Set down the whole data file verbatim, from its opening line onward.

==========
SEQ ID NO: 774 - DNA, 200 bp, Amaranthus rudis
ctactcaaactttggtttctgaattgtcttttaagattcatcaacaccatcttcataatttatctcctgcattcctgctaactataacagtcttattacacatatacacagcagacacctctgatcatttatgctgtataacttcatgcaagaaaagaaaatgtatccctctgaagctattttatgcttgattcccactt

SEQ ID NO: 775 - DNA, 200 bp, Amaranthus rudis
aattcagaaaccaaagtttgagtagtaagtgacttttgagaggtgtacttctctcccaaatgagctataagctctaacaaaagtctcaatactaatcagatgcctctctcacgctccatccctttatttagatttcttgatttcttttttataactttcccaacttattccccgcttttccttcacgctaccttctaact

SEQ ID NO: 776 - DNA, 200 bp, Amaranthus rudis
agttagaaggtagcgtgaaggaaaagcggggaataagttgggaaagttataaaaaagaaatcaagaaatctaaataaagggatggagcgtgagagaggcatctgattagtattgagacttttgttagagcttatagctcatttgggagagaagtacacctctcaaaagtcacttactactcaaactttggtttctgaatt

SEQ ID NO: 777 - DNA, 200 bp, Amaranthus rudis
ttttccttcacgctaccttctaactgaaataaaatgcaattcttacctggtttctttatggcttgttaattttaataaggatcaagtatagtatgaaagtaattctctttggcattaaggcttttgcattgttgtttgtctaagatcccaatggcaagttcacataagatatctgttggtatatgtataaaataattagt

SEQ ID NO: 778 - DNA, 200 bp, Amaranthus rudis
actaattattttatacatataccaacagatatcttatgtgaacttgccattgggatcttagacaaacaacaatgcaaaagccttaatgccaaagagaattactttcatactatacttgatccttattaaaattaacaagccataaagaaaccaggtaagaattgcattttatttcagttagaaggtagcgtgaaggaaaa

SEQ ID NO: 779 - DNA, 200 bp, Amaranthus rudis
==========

SEQ ID NO: 774 - DNA, 200 bp, Amaranthus rudis
ctactcaaactttggtttctgaattgtcttttaagattcatcaacaccatcttcataatttatctcctgcattcctgctaactataacagtcttattacacatatacacagcagacacctctgatcatttatgctgtataacttcatgcaagaaaagaaaatgtatccctctgaagctattttatgcttgattcccactt

SEQ ID NO: 775 - DNA, 200 bp, Amaranthus rudis
aattcagaaaccaaagtttgagtagtaagtgacttttgagaggtgtacttctctcccaaatgagctataagctctaacaaaagtctcaatactaatcagatgcctctctcacgctccatccctttatttagatttcttgatttcttttttataactttcccaacttattccccgcttttccttcacgctaccttctaact

SEQ ID NO: 776 - DNA, 200 bp, Amaranthus rudis
agttagaaggtagcgtgaaggaaaagcggggaataagttgggaaagttataaaaaagaaatcaagaaatctaaataaagggatggagcgtgagagaggcatctgattagtattgagacttttgttagagcttatagctcatttgggagagaagtacacctctcaaaagtcacttactactcaaactttggtttctgaatt

SEQ ID NO: 777 - DNA, 200 bp, Amaranthus rudis
ttttccttcacgctaccttctaactgaaataaaatgcaattcttacctggtttctttatggcttgttaattttaataaggatcaagtatagtatgaaagtaattctctttggcattaaggcttttgcattgttgtttgtctaagatcccaatggcaagttcacataagatatctgttggtatatgtataaaataattagt

SEQ ID NO: 778 - DNA, 200 bp, Amaranthus rudis
actaattattttatacatataccaacagatatcttatgtgaacttgccattgggatcttagacaaacaacaatgcaaaagccttaatgccaaagagaattactttcatactatacttgatccttattaaaattaacaagccataaagaaaccaggtaagaattgcattttatttcagttagaaggtagcgtgaaggaaaa

SEQ ID NO: 779 - DNA, 200 bp, Amaranthus rudis